SALT LAKE CITY — State GOP leaders are set to decide Saturday if the party should give voters an alternative to the proposed Count My Vote initiative petition drive that would change how political parties nominate candidates.
Embattled Attorney General John Swallow has also been invited to address his fellow Republicans at the party's state central committee meeting in Sandy, but a spokesman for Swallow said Friday he hadn't decided whether to attend.
Utah GOP Chairman James Evans said even if Swallow isn't there, central committee members will likely be talking about the federal, state and local investigations the attorney general faces, including a new probe by the Legislature.
But the recently elected party chairman said he doesn't expect the central committee, made up of party leaders from throughout the state, to call for Swallow's resignation or take any other action while the investigations are ongoing.
"I think they'll be more in the mood to ask questions and find out what's going on," Evans said. "At this point, the party making a statement, I just don't see the benefit of that."
A UtahPolicy.com/KSL poll of political insiders this week found that three-quarters of Republicans believed Swallow would either be impeached by the Legislature or resign, compared with 83 percent of Democrats surveyed.
The central committee is expected to vote on a resolution backed by Evans that would authorize him to move ahead with a counterinitiative, already dubbed "My Vote Counts."
"It's fair to say it's to protect the system," Evans said Friday of the party's initiative. He said the initiative being put together by a group of prominent Republicans including former Gov. Mike Leavitt is flawed.
"They want to move away from the nominating process being done through the caucus/convention system. I just think that's a fundamental mistake," Evans said. "They're trading one ill for what I think is worse."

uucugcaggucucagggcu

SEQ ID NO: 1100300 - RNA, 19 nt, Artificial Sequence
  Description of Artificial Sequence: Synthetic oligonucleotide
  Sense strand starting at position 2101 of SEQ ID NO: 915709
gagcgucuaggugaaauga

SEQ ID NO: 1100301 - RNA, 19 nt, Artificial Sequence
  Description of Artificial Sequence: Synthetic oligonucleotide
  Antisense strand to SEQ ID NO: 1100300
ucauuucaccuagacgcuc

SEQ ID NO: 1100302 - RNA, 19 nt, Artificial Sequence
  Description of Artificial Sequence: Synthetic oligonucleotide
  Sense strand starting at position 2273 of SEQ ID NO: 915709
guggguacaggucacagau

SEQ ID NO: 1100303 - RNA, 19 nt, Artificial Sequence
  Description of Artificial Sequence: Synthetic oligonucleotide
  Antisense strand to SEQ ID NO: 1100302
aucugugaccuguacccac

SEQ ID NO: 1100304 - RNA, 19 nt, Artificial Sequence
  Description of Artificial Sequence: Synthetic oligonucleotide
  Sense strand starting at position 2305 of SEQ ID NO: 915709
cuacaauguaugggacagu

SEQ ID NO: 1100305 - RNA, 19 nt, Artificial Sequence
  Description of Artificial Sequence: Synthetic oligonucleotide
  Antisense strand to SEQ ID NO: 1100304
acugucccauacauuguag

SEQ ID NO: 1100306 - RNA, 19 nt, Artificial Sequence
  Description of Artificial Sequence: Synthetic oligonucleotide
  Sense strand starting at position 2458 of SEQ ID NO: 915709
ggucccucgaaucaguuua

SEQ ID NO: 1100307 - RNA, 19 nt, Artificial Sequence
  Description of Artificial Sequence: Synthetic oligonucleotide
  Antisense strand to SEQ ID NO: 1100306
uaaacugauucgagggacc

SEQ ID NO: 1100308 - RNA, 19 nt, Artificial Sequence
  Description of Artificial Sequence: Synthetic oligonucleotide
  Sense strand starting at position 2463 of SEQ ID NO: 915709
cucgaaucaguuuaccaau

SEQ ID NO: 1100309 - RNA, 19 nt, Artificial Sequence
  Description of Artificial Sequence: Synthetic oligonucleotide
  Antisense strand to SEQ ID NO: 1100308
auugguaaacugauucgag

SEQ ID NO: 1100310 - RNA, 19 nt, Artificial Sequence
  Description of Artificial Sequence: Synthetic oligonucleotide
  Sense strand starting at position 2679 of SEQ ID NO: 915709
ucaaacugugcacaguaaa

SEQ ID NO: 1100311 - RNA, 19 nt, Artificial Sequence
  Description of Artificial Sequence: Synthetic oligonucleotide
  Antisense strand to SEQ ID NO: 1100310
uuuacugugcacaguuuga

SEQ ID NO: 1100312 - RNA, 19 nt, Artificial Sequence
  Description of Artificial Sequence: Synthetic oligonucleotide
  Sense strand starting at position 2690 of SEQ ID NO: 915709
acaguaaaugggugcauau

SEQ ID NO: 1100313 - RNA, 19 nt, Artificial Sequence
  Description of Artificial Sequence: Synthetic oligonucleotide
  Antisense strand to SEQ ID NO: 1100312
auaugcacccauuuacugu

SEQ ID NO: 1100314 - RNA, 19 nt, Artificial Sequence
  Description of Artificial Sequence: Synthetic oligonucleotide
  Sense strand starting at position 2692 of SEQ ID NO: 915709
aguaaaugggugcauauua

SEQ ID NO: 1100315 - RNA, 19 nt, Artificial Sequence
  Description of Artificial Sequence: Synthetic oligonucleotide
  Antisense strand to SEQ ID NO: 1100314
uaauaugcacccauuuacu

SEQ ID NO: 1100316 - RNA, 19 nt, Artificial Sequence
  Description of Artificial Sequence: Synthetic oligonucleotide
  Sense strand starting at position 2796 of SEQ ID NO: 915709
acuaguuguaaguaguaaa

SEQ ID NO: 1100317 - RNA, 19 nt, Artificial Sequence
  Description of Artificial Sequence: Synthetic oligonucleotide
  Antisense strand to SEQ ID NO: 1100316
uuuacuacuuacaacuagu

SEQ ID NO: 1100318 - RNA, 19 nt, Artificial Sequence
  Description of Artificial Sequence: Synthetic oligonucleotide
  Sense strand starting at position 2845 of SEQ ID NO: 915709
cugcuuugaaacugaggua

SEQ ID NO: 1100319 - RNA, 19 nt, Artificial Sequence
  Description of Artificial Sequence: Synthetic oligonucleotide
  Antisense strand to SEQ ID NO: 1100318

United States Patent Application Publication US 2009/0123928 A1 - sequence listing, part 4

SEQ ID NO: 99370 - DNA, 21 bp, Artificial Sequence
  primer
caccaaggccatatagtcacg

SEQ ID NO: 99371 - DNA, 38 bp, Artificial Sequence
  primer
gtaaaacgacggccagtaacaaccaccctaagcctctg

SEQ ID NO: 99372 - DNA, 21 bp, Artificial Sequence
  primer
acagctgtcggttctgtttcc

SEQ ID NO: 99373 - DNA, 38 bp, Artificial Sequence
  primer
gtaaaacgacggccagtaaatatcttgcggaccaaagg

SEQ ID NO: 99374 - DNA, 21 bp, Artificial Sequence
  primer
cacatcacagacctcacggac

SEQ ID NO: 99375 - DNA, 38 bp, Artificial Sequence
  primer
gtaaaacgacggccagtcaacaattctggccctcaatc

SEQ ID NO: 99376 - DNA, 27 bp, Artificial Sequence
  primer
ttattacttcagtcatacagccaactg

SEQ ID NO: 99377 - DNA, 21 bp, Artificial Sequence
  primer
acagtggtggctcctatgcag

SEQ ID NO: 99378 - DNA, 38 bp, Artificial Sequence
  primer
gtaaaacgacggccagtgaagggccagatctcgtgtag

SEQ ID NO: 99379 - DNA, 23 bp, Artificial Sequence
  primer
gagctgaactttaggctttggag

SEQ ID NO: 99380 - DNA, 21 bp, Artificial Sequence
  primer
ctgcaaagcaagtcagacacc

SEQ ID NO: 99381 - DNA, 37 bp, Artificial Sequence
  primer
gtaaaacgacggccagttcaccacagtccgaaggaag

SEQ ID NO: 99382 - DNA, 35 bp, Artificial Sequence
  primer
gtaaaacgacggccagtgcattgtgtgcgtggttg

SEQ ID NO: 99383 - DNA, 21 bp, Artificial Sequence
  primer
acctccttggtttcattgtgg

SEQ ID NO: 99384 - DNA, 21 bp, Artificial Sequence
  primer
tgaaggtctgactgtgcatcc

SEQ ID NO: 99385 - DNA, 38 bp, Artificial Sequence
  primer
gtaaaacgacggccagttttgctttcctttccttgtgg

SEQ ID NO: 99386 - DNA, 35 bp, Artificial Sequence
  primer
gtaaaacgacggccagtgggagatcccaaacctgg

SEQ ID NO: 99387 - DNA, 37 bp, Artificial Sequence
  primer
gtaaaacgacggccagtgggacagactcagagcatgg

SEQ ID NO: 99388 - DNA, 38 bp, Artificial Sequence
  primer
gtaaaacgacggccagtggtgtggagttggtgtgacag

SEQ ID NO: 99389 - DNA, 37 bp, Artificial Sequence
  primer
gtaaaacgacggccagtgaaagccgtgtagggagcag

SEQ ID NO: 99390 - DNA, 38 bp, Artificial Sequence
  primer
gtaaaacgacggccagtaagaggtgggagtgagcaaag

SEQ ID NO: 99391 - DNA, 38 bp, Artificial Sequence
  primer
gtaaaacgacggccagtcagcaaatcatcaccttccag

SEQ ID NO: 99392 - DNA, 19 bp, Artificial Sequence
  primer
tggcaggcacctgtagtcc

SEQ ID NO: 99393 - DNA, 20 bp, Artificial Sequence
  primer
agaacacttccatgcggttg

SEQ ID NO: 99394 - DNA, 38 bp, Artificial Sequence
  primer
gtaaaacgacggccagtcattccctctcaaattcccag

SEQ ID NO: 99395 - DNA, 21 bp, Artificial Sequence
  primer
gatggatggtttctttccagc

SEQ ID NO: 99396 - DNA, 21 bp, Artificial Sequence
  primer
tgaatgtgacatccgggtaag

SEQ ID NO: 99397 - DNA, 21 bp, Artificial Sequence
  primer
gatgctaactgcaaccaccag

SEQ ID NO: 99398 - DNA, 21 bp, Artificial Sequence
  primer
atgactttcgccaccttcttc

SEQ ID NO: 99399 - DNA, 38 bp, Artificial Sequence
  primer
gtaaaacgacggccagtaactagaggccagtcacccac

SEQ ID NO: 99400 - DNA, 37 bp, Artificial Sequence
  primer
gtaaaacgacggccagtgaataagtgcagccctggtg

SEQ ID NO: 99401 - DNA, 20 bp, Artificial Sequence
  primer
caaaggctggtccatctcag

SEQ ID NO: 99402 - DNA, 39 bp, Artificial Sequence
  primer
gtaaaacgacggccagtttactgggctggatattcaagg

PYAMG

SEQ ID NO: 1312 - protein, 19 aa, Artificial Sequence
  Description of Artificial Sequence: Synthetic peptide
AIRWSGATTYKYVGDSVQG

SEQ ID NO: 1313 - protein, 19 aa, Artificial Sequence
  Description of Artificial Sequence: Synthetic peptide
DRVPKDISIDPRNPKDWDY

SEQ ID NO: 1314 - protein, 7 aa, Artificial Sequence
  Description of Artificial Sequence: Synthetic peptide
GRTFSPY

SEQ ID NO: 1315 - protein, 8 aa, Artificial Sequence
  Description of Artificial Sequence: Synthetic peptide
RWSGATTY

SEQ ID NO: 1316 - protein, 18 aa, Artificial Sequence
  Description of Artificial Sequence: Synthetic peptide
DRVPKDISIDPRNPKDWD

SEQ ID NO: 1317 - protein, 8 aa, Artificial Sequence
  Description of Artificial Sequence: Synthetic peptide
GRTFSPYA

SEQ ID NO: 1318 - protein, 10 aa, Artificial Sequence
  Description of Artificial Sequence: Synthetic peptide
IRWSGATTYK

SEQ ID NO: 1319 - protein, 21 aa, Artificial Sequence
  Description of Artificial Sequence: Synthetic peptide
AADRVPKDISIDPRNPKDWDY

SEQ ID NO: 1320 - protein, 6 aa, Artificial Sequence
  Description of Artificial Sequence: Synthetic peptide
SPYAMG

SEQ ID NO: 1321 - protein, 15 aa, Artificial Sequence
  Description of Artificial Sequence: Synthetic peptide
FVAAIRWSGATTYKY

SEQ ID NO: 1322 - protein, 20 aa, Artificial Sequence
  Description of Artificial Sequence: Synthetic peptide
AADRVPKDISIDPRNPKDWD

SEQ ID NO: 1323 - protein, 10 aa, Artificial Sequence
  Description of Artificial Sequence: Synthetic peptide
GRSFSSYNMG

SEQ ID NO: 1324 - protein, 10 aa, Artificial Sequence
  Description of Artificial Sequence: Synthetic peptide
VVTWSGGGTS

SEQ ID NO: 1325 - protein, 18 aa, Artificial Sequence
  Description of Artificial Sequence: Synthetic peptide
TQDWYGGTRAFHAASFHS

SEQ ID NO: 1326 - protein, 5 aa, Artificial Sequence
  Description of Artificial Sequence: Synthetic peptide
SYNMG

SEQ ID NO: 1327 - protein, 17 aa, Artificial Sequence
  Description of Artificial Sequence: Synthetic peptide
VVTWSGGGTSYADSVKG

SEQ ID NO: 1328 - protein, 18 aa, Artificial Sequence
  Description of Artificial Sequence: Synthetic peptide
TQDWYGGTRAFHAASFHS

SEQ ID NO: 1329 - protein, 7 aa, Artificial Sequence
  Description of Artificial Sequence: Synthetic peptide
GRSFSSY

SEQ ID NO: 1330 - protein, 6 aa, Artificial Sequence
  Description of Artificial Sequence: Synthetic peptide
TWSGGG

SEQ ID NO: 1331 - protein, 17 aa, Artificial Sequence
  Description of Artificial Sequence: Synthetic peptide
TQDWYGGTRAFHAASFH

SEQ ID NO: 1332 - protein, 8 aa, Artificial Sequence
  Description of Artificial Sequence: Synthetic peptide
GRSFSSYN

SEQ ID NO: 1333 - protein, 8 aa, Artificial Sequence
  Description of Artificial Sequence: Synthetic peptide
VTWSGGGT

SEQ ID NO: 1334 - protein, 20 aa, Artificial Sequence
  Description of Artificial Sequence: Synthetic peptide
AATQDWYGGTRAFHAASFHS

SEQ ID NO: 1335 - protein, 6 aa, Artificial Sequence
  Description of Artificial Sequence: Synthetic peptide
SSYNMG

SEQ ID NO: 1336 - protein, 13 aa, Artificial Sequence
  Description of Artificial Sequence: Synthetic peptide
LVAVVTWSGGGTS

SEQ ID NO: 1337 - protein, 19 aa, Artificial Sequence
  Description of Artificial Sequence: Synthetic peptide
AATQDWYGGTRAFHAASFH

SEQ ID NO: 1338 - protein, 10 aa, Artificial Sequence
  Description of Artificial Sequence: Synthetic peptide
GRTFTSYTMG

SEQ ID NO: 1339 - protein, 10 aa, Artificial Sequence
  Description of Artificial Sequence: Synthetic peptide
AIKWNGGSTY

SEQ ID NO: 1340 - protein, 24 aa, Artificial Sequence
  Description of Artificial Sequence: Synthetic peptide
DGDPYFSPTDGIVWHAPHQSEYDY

The resolution in support of a party initiative describes the current system for choosing candidates as one that "reduces the influence of big money, incumbency, and high name recognition" on the selection of nominees.
Under the current system, party members choose delegates at neighborhood caucus meetings who then vote for nominees at party conventions. Candidates can avoid a primary election by winning at least 60 percent of the delegate vote.
Supporters of changing the system say it limits voter participation and has hurt turnout at the polls. Caucus participation by both Republicans and Democrats increased last year after encouragement by the LDS Church, but it is traditionally low.
Count My Vote initially tried to get Republicans to make some changes themselves in the system, but those were rejected by delegates at last month's state GOP convention.
Democrats are set to discuss replacing the current system with an open primary at their state convention Saturday. Salt Lake County Mayor Ben McAdams called on his fellow Democrats to make the change, calling the current system "arcane."
Rich McKeown, president of Count My Vote, said the group is about to begin polling Utahns to see if they prefer an open primary, a California-style primary where the top two vote-getters to advance to the general election regardless of party, or keeping the current system while allowing candidates an alternative means to get on the ballot.
McKeown said the initiative effort will move forward even if the Democrats choose to move to an open primary.
"It would require both parties adopting those kinds of reforms for us at this point to conclude our initiative efforts," he said.
As for the GOP's "My Vote Counts" initiative, McKeown said he's not sure why the Republicans are "resorting to an initiative."
Evans said the central committee Saturday will also look at ways to boost caucus attendance in the future, including possibly tying turnout to the threshold candidates must receive at convention to avoid a primary.
"If we don't have a representative turnout at caucus, there should be a remedy at convention," Evans said, suggesting the threshold could be raised as high as 70 percent if enough Republicans don't participate in their caucus meetings.
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